Want to give even better presentations?

Improve not only the content; improve the performance.

In my last blog, I talked about how to improve the content of your presentations.  If you haven’t read it, I suggest you check it out first.  

In my view, even more important than the content is how you present.  While people will always listen to an interesting topic, they can only engage with an interesting person.  Like anything, there are skills involved and you need to work on improving them.

As I have said before, a presentation is a performance.  Just like an actor, you need to come across as believable.  And, like a stage actor, you are doing it live and only have one chance to get it right.  So unless you are an actor, lets start with the first point.

1) Be yourself … but with passion

If you pose as somebody you’re not the audience will see you as insincere and disbelieve what you are saying.  

What does be “yourself” mean?  If you’re naturally relaxed and lay back then you should present the same way.  If you’re usually formal and strait-laced then trying to be casual and relaxed will come across as unnatural.  The same can be said about expertise. It’s fun to pretend to be a doctor; until someone screams “Is there a doctor in the house?”  Don’t pretend to be an expert unless you are.

No matter your style, the most important this is that you must be passionate about what you are saying.  If a speaker has passion, an audience will put up with them as they stutter and fumble through.  But without passion - even if the words are clear and fluent - a speaker will not keep the attention of an audience.  Passion is contagious but it can't be forced. When a speaker is genuinely held in its grip, the listeners know. They can feel it and they can’t help being part of it.

If you are passionate about what you are saying, it makes the next point so much easier.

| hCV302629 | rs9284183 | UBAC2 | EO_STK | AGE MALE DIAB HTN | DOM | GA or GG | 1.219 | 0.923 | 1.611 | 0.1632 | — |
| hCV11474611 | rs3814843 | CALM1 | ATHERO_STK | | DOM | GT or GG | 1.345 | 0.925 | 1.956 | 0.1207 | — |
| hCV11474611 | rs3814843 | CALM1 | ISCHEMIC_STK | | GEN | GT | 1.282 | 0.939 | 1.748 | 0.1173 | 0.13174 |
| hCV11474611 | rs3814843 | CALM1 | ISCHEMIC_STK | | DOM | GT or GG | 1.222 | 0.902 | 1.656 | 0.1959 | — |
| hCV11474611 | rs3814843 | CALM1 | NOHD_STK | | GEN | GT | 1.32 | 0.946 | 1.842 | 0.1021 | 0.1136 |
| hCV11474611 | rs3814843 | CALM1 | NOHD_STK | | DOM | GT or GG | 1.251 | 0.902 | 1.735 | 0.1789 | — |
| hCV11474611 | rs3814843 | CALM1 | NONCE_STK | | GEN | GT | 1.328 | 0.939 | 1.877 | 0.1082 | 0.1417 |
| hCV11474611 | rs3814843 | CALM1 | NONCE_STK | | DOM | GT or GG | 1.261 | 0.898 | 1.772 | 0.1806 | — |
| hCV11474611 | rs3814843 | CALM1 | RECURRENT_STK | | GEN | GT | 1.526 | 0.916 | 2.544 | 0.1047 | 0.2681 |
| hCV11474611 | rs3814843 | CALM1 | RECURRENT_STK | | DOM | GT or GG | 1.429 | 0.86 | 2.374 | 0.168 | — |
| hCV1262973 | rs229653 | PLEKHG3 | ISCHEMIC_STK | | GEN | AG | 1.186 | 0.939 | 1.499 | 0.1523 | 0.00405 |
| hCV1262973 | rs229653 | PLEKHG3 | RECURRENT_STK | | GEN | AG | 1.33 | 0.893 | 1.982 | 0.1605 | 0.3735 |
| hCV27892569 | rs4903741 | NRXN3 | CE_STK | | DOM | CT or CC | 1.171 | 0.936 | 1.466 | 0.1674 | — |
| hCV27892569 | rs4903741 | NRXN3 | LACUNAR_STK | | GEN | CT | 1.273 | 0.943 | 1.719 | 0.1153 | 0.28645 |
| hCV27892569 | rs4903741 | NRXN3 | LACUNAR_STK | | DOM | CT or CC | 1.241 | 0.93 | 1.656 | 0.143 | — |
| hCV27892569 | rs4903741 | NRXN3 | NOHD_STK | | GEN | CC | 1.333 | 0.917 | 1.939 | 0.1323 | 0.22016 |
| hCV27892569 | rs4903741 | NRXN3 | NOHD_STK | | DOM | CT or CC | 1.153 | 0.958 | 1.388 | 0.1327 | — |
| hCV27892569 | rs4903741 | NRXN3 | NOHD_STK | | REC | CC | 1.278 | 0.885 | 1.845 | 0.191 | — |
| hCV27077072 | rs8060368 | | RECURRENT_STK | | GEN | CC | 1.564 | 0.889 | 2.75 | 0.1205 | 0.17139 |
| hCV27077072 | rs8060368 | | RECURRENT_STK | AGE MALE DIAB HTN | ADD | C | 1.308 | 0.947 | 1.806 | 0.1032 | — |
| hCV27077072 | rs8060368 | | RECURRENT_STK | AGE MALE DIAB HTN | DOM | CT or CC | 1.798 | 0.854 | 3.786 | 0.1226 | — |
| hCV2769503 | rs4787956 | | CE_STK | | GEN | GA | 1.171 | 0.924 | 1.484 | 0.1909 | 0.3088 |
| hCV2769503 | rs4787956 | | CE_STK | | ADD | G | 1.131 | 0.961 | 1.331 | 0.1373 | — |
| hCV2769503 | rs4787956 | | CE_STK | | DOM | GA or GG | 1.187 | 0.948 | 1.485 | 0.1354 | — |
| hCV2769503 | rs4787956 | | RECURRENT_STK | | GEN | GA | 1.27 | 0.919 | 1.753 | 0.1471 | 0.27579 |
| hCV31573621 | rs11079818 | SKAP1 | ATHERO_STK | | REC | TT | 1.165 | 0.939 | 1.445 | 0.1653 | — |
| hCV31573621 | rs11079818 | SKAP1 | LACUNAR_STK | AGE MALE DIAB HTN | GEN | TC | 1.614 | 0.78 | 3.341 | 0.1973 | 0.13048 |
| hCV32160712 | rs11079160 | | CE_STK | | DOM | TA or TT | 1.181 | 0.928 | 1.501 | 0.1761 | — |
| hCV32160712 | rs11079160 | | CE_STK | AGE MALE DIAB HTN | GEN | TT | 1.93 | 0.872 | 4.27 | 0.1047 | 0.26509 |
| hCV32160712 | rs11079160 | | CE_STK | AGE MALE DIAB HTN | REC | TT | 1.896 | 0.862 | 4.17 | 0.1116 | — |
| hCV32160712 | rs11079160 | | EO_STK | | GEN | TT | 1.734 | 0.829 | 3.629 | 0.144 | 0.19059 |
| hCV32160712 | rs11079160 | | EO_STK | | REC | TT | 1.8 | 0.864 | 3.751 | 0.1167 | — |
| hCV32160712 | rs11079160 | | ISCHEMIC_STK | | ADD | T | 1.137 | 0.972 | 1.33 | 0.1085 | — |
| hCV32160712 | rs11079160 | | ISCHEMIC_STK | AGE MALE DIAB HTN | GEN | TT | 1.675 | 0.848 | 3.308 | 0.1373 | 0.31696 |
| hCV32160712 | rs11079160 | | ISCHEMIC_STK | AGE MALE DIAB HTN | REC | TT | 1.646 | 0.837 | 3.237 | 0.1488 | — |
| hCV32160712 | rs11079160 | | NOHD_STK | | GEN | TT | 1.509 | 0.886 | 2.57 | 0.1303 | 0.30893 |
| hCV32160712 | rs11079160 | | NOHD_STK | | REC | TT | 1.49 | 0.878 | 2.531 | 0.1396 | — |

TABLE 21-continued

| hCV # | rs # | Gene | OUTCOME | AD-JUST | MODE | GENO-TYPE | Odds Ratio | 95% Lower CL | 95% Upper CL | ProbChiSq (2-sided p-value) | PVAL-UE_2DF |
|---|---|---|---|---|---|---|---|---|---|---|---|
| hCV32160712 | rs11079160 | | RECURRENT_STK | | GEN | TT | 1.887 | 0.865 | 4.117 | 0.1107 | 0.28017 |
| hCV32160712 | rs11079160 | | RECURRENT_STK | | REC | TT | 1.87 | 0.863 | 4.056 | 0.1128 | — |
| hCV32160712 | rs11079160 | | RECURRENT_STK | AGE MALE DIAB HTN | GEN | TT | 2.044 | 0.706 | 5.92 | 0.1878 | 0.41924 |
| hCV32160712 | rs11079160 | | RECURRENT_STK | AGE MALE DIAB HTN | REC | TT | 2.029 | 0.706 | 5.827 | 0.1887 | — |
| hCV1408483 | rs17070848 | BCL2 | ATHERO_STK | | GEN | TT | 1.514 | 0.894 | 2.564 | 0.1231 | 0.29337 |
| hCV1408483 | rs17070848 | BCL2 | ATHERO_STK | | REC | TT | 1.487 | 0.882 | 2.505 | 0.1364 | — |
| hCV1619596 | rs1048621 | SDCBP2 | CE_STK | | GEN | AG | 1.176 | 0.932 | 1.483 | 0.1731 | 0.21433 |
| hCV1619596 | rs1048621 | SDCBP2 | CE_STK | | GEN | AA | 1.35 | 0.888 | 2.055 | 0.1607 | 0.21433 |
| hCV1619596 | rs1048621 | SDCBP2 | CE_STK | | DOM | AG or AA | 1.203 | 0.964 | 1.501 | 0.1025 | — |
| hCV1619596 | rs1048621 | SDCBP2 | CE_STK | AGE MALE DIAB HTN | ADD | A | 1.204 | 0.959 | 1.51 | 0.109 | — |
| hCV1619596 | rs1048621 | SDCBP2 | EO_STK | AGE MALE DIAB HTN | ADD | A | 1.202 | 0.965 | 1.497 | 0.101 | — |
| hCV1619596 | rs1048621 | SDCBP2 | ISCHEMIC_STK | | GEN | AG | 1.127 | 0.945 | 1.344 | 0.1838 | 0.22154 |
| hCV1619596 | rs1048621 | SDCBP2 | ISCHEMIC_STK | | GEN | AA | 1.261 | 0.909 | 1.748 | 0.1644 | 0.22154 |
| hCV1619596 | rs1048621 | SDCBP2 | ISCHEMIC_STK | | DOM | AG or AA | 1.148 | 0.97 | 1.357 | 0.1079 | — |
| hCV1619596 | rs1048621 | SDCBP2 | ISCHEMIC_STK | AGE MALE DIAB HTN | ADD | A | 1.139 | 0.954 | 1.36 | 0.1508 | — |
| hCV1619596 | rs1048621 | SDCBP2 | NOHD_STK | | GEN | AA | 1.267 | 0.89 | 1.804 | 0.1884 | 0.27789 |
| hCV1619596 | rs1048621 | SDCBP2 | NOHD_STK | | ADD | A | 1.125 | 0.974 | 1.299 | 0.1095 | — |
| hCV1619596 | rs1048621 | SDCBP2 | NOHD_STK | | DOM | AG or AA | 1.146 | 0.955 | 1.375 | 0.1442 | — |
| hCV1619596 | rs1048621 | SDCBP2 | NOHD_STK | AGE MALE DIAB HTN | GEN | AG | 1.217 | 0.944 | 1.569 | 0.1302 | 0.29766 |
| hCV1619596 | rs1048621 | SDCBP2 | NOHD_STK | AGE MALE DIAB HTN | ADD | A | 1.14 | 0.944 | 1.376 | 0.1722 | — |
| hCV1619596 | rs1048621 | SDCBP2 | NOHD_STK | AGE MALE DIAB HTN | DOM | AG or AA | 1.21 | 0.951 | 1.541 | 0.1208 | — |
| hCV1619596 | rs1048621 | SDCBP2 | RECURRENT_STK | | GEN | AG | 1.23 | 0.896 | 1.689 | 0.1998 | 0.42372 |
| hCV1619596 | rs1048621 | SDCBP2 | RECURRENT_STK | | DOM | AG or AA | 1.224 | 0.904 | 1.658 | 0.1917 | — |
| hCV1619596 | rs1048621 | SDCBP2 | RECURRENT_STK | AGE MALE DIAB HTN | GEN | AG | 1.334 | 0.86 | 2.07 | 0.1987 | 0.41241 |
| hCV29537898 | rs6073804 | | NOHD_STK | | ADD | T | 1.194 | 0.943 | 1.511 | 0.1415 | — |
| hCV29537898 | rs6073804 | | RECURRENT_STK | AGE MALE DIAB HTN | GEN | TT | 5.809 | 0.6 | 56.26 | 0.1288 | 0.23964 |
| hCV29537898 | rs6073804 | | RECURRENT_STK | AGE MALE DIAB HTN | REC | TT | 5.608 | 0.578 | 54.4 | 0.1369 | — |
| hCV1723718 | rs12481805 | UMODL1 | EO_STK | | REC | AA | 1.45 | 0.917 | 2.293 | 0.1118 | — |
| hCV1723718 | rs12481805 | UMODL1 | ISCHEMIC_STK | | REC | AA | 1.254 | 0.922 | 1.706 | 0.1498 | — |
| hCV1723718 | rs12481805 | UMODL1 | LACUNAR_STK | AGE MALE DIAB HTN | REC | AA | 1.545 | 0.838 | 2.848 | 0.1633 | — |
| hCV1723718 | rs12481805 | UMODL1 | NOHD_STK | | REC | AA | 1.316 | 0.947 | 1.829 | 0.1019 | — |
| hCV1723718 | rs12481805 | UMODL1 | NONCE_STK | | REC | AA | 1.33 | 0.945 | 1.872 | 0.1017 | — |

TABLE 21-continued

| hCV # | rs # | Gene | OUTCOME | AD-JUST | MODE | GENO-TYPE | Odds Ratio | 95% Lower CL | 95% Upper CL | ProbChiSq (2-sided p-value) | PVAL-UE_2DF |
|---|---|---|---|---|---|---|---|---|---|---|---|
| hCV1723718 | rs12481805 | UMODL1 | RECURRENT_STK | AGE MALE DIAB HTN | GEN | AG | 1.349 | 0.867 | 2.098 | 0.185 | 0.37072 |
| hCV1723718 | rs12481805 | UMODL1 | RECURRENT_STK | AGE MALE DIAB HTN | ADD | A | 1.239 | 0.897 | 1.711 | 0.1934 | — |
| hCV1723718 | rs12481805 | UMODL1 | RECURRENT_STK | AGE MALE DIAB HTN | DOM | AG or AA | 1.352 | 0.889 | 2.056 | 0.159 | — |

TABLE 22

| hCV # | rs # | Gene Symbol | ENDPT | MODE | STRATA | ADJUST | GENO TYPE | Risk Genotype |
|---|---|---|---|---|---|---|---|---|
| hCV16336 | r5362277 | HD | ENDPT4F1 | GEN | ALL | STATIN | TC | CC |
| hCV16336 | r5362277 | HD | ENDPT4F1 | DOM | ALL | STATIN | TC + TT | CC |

2) Its more than just words

It is important to remember that performers don’t just speak.  When you present you need to use your voice, your hands, and your body to emphasise what you are saying.  You need to give the audience something to look at, something to focus on.  The more you can engage them one to one, the more powerful will be your impact.

Just remember, when it comes to voice and gestures, like any good actor knows, in order for the audience to see it you need to exaggerate it.  This raises the next tip.

3) Practise

Like early preparation of content, you need to take time to practise before the event.  Stand in front of a mirror and practise giving your presentation.  Focus on:
- getting the messages across smoothly;
- the flow of what you are saying;
- what your hand and body movements are going to be; and
- making sure that it fits the time allotted.

The aim of practising is not to memorise you presentation.  You should not rote learn it.  The aim of practising is to get you comfortable with the messages that you want to cover and to make sure that it flows. It also helps with understanding the overall presentation time.

4) Don’t rush but don’t overrun

If you practised then this one is easier, as you already know the timing.  If you didn’t then take a deep breath and take it slow.  I am not sure what’s worse: the presenter whose 10 minute presentation goes on for an hour or the guy who scrambles to get through it all by talking fast and rushing through his slides.

A professional presentation should fit to the time allotted and get the message across.

And finally …

5) Enjoy yourself

I think that it goes without saying, if you don’t enjoy it, neither will your audience!!

So there you have it.  If, after this, presenting still bothers you, contact me for some one on one coaching.

 

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